Jean Raber mentioned on another thread the use of lard in baking. One of my sisters is coming down from New Hampshire on Tuesday, eager to start the baking, making ample use of lard. She still laughs at the woman who, seeing her put lard on the moving band at the check-out counter, exclaimed, "Do you know that's just pig fat?" And my sister replied: "Yes, and nothing is as good for baking." She makes wonderful date cookies.At the Monastery of Bose a few years back, at the end of a conference, we had a wondeful meal, the first course of which was bread sticks and lard, with a wonderful local wine.My brother is in the kitchen at the moment at a huge mixing bowl to make our traditional Slovak Christmas rolled cakes with almond or walnut or prune or poppy seed filling. He just showed me the huge ball of dough that will be put aside to rise during the day, punched down three or four times. The other day he made hundreds of ceregi, known to many as angel-wings; see here. All made, of course, with the feshest of eggs.Another sister specializes in kolachki, small cakes (some people use that word of the nut rolls).So the wonderful traditions continue: from my Slovak grandmother to my Irish mother to her children and on to theirs.So whos going to be baking? (With or without lard?) And what are the seasonal favorites?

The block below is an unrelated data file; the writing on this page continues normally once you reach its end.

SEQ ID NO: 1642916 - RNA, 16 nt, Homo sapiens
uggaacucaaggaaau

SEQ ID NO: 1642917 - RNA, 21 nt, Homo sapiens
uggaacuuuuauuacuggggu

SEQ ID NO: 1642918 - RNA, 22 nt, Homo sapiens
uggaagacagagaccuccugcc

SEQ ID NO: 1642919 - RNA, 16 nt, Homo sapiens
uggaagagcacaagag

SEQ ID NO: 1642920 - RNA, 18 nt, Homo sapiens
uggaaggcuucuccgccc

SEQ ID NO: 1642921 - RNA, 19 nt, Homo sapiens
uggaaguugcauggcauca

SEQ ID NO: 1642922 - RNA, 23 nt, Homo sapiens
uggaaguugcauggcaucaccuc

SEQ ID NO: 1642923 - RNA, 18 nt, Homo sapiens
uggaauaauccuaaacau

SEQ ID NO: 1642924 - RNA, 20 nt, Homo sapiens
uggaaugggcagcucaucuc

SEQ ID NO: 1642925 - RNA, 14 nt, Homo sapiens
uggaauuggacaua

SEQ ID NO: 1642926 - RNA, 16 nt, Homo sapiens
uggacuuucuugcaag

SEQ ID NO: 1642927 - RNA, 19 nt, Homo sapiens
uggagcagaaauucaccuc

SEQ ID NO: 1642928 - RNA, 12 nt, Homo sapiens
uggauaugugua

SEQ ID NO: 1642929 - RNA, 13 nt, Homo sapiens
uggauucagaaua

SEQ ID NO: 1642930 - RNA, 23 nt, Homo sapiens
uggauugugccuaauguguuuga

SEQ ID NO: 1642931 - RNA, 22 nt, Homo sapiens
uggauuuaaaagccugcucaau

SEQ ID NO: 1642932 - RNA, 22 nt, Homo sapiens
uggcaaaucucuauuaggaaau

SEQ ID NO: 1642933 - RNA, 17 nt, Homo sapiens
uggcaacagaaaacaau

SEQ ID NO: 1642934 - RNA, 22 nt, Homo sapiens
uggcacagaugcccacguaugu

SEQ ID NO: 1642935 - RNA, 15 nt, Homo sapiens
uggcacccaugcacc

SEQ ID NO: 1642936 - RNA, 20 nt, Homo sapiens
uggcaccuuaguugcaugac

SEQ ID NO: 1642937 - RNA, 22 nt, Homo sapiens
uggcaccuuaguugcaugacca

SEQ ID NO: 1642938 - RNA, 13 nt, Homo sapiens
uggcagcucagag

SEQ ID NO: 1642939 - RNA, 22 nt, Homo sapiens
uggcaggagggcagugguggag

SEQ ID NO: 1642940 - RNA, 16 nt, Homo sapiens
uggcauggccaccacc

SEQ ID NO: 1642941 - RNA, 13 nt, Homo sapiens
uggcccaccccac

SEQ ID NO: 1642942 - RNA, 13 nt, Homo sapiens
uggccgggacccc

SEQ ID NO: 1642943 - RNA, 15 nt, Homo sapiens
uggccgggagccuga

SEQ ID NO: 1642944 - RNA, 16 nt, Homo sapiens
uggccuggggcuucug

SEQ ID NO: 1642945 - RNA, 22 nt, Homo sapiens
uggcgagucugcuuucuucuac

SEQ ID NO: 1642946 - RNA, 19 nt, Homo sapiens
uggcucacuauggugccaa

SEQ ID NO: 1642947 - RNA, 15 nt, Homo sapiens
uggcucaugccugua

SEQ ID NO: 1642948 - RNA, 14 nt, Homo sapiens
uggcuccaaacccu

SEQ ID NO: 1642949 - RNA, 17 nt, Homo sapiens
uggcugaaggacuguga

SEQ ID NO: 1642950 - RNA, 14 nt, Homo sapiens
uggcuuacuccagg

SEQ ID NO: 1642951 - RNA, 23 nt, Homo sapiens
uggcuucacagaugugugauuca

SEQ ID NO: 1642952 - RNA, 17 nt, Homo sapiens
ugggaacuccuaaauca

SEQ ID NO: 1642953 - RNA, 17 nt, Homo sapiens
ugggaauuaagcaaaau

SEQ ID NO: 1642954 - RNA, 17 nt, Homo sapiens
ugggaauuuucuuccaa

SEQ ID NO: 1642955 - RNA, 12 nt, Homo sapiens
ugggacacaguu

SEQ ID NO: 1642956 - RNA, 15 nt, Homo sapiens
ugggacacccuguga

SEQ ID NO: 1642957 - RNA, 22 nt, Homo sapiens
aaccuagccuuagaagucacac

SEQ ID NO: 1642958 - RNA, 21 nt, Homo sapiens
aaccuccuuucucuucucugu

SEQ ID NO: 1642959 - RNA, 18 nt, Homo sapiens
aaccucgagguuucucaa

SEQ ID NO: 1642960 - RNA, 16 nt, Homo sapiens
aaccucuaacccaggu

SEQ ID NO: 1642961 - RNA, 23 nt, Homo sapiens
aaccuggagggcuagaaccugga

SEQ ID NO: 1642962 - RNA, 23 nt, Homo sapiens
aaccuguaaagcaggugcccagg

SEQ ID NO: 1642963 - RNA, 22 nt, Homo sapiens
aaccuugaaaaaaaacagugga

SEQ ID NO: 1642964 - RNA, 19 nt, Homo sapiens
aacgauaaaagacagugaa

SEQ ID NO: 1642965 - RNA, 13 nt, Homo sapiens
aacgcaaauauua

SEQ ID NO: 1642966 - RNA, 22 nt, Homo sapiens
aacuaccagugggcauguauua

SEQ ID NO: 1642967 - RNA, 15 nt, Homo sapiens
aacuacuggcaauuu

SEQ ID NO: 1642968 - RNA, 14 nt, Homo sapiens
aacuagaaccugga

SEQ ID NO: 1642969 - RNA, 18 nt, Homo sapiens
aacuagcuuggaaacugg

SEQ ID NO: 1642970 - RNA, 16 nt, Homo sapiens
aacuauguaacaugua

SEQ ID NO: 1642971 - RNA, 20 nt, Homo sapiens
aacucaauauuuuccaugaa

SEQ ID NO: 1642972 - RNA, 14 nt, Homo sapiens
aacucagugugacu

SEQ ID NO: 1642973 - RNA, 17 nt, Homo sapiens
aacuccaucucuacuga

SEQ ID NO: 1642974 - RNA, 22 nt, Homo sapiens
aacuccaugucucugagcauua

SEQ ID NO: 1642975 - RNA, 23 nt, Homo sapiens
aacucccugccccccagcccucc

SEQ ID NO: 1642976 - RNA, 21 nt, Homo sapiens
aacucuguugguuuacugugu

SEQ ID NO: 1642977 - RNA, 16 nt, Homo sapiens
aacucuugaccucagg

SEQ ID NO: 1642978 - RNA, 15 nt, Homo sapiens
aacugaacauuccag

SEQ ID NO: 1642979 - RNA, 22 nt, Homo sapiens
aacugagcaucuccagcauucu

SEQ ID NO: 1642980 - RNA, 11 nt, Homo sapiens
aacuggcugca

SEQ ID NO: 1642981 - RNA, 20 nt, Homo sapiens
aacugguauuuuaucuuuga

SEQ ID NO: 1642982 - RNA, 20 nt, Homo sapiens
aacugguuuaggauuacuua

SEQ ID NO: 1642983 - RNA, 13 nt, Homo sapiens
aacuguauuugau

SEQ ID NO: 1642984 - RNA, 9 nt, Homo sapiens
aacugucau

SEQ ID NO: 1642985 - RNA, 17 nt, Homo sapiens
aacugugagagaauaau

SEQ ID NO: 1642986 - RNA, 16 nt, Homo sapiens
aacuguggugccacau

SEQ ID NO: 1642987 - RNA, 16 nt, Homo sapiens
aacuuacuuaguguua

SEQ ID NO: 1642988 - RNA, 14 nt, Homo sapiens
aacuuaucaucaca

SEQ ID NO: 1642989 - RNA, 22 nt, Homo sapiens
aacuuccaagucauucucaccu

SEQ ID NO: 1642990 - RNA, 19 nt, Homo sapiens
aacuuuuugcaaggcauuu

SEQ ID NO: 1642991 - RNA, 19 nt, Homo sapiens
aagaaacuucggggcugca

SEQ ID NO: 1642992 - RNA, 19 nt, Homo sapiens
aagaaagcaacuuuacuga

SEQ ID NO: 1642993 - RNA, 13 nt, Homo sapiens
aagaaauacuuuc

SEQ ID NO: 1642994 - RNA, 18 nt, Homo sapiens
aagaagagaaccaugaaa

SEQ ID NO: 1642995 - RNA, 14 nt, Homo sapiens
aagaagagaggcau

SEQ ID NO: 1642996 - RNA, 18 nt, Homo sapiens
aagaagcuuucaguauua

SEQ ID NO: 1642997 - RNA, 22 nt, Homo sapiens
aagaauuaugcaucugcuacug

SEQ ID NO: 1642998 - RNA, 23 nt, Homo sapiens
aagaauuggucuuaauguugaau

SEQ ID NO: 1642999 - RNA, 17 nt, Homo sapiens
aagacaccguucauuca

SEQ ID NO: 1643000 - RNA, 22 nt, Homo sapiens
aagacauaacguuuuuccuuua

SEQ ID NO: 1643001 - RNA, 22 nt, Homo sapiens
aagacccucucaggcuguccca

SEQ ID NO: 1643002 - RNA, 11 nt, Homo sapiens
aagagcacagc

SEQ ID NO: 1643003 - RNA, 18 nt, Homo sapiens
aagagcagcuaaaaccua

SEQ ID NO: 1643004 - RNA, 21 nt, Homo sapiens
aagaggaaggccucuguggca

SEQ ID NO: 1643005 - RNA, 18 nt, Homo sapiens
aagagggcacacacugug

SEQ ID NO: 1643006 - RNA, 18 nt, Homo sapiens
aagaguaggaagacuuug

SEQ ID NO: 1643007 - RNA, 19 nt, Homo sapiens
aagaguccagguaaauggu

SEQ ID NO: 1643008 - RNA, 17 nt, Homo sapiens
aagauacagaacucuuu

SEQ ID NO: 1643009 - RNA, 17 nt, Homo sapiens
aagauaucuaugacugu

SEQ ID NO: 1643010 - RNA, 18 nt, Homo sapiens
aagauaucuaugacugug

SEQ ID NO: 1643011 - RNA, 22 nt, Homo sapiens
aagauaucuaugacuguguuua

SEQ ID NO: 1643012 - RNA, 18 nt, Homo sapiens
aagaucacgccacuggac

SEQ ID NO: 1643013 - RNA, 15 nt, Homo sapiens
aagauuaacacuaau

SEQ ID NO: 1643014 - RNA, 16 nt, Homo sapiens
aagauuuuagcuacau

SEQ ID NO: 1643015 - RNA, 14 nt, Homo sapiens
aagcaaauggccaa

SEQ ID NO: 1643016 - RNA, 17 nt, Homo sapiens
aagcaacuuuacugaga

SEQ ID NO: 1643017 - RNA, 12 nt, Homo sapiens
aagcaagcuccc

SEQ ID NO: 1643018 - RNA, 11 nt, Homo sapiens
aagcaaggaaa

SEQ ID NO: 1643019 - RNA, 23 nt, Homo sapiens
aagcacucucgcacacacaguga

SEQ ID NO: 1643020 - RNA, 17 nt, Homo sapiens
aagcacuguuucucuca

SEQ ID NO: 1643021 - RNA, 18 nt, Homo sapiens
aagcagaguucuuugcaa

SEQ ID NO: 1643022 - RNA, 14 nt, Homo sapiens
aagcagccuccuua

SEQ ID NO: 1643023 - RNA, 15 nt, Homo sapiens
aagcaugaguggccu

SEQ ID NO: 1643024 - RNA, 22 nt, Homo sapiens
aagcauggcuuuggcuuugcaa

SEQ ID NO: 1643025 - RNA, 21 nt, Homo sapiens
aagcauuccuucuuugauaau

Rev. Joseph A. Komonchak, professor emeritus of the School of Theology and Religious Studies at the Catholic University of America, is a retired priest of the Archdiocese of New York.